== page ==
While the National Book Foundation is best known for its National Book Awards, it also guides us to some of the best young writers in the country with its “5 Under 35” awards. The winners are chosen by National Book Award winners or finalists; there is no nomination process, and no one has any idea who is being considered for the award.
Today the NBF announced the 2018 recipients — three women and two men — chosen by judges Claire Vaye Watkins, Carmen Maria Machado, Samantha Hunt, Colson Whitehead, and Bill Clegg.
Hannah Lillith Assadi’s debut novel, Sonora (Soho Press), is a fever dream tale about two girls from Phoenix who move to New York City in search of adventure. Assadi, the daughter of a Palestinian father and Jewish mother, grew up in Scottsdale, Arizona and attended Columbia University. Sonora is based in part on the experiences of cultural isolation and conflict that led her to move to NYC. (Chosen by Claire Vaye Watkins)
Akwaeke Emezi was born in Nigeria and moved to the U.S. as a child. Freshwater is an autobiographical novel about a girl who, one might say, contains multitudes that are not understood or treated well by her family and community. After immigrating to the U.S., she is the victim of a traumatic experience that exacerbates her unique sense of selves. In a Washington Post article, Emezi said the book is based on her journal entries from a decade ago and reflects the way her mind works. (Chosen by Carmen Maria Machado)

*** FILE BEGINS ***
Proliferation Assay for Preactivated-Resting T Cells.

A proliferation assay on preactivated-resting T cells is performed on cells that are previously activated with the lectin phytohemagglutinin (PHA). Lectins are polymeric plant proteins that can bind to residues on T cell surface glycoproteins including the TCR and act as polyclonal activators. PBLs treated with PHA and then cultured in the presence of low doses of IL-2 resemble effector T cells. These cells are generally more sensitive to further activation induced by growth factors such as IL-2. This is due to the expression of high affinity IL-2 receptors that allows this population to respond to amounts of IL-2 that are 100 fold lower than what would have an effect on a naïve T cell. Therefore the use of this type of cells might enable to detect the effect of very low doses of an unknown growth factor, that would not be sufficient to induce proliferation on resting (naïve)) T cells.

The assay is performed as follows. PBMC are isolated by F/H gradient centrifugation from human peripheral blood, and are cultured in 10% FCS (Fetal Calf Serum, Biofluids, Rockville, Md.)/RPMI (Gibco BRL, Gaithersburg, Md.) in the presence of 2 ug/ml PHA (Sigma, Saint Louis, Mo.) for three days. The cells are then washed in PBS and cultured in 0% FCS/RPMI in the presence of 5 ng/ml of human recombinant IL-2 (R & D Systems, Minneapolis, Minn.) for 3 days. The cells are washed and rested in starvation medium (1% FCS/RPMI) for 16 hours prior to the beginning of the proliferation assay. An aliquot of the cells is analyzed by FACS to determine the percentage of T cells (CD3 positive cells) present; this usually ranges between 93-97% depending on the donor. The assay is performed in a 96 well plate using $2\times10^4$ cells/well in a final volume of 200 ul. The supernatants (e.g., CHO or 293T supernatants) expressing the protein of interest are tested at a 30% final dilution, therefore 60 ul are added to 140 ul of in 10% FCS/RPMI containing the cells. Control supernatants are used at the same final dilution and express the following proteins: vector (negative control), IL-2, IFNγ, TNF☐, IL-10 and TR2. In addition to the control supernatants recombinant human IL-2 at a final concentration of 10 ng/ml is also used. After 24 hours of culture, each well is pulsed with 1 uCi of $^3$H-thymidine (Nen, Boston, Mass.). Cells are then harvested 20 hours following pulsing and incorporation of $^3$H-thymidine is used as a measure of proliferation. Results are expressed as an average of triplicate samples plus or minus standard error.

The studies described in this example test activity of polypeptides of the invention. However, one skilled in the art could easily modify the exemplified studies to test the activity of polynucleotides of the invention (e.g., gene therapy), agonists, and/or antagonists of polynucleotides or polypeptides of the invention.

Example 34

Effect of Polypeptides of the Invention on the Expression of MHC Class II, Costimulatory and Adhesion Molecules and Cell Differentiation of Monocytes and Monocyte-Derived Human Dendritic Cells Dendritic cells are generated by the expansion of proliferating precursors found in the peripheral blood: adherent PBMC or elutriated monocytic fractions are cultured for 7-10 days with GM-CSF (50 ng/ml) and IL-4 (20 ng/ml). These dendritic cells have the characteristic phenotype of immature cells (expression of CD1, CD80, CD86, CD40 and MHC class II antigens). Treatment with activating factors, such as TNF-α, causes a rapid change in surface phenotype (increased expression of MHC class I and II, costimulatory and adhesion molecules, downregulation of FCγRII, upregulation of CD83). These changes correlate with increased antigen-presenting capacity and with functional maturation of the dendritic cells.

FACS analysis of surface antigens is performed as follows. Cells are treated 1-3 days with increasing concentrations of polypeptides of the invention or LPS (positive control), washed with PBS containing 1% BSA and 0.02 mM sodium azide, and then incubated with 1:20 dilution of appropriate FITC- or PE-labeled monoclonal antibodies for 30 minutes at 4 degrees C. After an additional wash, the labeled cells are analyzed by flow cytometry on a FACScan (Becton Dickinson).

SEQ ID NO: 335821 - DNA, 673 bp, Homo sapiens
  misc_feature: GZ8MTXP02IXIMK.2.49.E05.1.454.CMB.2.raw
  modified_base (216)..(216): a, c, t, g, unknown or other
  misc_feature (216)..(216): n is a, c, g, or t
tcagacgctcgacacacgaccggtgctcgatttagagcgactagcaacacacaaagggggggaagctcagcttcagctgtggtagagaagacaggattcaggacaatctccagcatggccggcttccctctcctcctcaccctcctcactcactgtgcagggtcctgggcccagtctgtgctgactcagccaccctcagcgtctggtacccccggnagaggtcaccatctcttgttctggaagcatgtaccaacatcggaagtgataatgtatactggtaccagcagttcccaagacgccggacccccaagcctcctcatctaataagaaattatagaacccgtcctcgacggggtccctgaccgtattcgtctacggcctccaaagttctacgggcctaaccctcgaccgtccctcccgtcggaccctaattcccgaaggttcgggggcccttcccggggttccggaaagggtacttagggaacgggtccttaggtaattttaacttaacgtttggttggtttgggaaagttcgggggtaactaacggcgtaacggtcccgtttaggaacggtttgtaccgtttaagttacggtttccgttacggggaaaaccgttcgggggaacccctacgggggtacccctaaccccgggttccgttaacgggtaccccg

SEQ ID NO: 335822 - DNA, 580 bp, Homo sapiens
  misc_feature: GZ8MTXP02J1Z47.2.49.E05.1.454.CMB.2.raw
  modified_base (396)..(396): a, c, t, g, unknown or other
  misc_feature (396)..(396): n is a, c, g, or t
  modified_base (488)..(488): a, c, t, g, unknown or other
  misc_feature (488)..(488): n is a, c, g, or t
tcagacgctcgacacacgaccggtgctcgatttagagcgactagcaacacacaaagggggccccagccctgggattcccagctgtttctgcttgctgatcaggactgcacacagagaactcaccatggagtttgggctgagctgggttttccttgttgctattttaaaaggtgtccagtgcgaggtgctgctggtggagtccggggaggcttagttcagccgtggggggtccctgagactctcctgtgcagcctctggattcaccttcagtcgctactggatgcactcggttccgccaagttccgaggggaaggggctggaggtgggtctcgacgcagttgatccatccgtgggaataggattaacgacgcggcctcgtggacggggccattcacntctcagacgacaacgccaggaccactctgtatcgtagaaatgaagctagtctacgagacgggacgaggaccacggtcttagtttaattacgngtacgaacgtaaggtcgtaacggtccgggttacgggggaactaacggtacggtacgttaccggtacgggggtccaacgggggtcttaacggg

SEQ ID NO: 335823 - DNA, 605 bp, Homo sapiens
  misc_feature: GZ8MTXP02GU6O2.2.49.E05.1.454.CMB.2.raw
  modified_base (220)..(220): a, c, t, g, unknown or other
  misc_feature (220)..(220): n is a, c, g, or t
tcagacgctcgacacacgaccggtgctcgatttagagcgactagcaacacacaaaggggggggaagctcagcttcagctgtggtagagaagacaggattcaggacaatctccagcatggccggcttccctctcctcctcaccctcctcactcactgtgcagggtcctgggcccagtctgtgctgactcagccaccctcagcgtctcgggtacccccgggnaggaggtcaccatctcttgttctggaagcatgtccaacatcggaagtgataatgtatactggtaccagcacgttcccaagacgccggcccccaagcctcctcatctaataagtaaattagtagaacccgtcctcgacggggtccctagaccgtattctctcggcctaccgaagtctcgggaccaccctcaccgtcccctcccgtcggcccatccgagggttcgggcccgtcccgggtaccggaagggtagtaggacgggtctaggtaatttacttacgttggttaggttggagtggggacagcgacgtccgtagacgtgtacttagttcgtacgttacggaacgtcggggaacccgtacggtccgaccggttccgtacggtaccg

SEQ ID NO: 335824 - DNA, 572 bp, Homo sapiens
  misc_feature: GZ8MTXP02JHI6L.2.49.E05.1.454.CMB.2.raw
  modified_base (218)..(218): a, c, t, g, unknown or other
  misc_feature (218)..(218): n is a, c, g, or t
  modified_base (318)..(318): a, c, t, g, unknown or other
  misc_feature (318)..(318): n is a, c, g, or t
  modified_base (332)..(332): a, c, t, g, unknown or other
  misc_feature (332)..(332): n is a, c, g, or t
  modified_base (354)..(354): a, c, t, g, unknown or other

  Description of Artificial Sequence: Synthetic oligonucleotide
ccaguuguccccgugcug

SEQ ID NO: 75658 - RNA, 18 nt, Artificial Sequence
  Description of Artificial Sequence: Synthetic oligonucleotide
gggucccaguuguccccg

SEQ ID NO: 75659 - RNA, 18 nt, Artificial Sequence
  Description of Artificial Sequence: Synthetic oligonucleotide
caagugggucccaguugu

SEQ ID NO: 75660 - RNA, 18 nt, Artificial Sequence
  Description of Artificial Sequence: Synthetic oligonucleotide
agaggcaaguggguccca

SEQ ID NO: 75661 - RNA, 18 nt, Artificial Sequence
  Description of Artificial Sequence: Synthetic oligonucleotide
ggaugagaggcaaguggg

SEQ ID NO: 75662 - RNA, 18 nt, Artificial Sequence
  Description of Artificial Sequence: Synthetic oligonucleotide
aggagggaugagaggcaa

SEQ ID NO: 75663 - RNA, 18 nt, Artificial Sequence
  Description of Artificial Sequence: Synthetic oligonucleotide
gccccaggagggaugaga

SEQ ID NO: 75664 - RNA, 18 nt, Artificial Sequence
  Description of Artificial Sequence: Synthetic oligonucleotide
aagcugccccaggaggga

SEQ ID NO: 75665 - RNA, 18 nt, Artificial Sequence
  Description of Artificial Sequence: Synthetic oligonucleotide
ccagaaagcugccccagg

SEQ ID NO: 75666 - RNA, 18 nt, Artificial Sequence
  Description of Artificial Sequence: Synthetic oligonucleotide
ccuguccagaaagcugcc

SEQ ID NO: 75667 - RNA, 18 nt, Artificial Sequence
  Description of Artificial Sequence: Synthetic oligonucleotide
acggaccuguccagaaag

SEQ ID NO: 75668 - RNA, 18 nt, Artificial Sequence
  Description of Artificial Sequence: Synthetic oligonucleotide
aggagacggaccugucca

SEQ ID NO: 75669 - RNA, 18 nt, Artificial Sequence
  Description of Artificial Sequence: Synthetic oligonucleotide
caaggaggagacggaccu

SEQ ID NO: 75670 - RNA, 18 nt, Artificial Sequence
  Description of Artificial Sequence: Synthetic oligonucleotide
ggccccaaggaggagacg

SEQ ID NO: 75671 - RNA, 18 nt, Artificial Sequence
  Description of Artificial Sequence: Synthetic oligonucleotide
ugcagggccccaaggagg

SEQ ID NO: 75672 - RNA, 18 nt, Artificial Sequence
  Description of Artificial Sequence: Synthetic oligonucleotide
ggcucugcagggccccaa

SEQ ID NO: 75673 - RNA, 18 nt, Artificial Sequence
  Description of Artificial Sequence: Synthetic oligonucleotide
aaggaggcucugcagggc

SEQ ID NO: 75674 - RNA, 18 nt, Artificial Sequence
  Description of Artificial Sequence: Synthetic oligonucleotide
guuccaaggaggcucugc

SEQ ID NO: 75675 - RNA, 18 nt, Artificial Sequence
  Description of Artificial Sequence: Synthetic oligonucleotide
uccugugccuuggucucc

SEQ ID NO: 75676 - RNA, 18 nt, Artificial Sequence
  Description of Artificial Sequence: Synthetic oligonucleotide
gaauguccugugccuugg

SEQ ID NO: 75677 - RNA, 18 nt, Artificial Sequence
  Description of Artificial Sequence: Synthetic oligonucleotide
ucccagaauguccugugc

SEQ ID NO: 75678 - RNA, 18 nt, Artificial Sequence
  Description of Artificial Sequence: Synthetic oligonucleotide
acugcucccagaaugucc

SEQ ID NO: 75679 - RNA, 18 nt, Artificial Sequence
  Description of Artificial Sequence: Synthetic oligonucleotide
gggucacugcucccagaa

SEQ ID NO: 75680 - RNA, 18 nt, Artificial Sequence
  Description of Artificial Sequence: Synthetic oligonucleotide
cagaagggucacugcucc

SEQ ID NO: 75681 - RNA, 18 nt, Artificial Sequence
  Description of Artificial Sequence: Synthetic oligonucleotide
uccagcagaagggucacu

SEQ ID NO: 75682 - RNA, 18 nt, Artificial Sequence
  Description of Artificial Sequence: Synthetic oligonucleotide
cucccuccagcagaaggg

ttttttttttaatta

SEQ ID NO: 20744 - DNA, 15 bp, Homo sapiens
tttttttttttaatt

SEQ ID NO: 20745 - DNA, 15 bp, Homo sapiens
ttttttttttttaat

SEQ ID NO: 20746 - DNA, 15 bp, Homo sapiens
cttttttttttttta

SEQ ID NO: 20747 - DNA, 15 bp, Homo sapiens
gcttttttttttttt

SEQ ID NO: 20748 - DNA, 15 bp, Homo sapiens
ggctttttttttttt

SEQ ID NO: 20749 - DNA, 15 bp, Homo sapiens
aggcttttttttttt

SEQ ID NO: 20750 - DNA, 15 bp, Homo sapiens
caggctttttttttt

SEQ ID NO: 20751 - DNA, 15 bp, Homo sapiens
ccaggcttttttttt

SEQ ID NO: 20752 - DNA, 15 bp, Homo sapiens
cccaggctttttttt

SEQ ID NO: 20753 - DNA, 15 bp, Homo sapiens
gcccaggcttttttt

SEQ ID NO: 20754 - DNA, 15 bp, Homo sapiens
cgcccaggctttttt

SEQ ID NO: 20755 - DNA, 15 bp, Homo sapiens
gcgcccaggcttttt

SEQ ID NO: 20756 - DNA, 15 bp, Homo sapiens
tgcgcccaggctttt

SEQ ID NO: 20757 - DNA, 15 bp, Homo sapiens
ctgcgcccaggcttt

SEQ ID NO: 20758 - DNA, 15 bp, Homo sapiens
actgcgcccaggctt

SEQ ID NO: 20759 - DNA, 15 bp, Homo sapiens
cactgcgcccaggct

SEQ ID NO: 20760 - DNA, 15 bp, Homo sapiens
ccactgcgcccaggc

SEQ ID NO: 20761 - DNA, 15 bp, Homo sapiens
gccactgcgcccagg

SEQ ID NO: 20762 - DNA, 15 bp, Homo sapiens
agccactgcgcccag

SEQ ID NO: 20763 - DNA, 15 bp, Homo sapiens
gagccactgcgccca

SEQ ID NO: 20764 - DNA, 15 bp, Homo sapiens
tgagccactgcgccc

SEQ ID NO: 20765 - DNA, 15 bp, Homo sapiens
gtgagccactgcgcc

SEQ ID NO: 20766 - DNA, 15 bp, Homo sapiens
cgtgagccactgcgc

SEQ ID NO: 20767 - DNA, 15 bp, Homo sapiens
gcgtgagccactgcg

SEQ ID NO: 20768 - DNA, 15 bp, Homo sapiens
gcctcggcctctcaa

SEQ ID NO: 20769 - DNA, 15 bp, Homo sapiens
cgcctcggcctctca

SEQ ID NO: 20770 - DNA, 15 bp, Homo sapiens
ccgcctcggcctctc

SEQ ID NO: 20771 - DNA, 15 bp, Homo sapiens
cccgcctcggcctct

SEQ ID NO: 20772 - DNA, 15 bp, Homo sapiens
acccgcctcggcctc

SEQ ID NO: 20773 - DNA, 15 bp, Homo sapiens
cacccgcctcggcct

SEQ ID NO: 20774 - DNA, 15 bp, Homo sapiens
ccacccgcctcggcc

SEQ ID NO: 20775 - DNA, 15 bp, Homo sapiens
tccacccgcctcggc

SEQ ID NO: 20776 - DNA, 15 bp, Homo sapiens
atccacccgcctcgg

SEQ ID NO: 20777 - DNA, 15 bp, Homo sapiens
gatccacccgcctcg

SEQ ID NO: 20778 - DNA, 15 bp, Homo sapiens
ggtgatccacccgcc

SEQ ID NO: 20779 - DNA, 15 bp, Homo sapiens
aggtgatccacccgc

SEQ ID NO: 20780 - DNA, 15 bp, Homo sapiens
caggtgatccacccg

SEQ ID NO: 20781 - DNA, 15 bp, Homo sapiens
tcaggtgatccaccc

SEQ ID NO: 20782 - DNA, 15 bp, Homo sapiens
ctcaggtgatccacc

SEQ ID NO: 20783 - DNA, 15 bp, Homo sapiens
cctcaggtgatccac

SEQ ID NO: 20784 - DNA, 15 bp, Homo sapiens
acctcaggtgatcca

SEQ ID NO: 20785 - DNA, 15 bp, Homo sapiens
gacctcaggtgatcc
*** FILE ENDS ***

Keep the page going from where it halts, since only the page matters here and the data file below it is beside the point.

Lydia Kiesling’s The Golden State is yet another semi-autobiographical novel, this one informed by her experiences visiting family in far northern California. In The Golden State, a young wife and mother whose Turkish husband is experiencing difficulties getting back home from Turkey decides to take her baby daughter to live in a mobile home she’s inherited in the desert 400 miles away. Kiesling explores the contrasts between urban and rural life in California — a far more culturally, economically, and geographically diverse state than many realize – as well as issues of immigration and identity, motherhood and independence. (Chosen by Samantha Hunt)
The other two recipients are Nana Kwame Adjei-Brenyah (chosen by Colson Whitehead), whose debut story collection, Friday Black, is out next month, and Moriel Rothman-Zecher (chosen by Bill Clegg), author of Sadness is a White Bird, a novel about Palestinian twins and the Israeli soldier they befriend.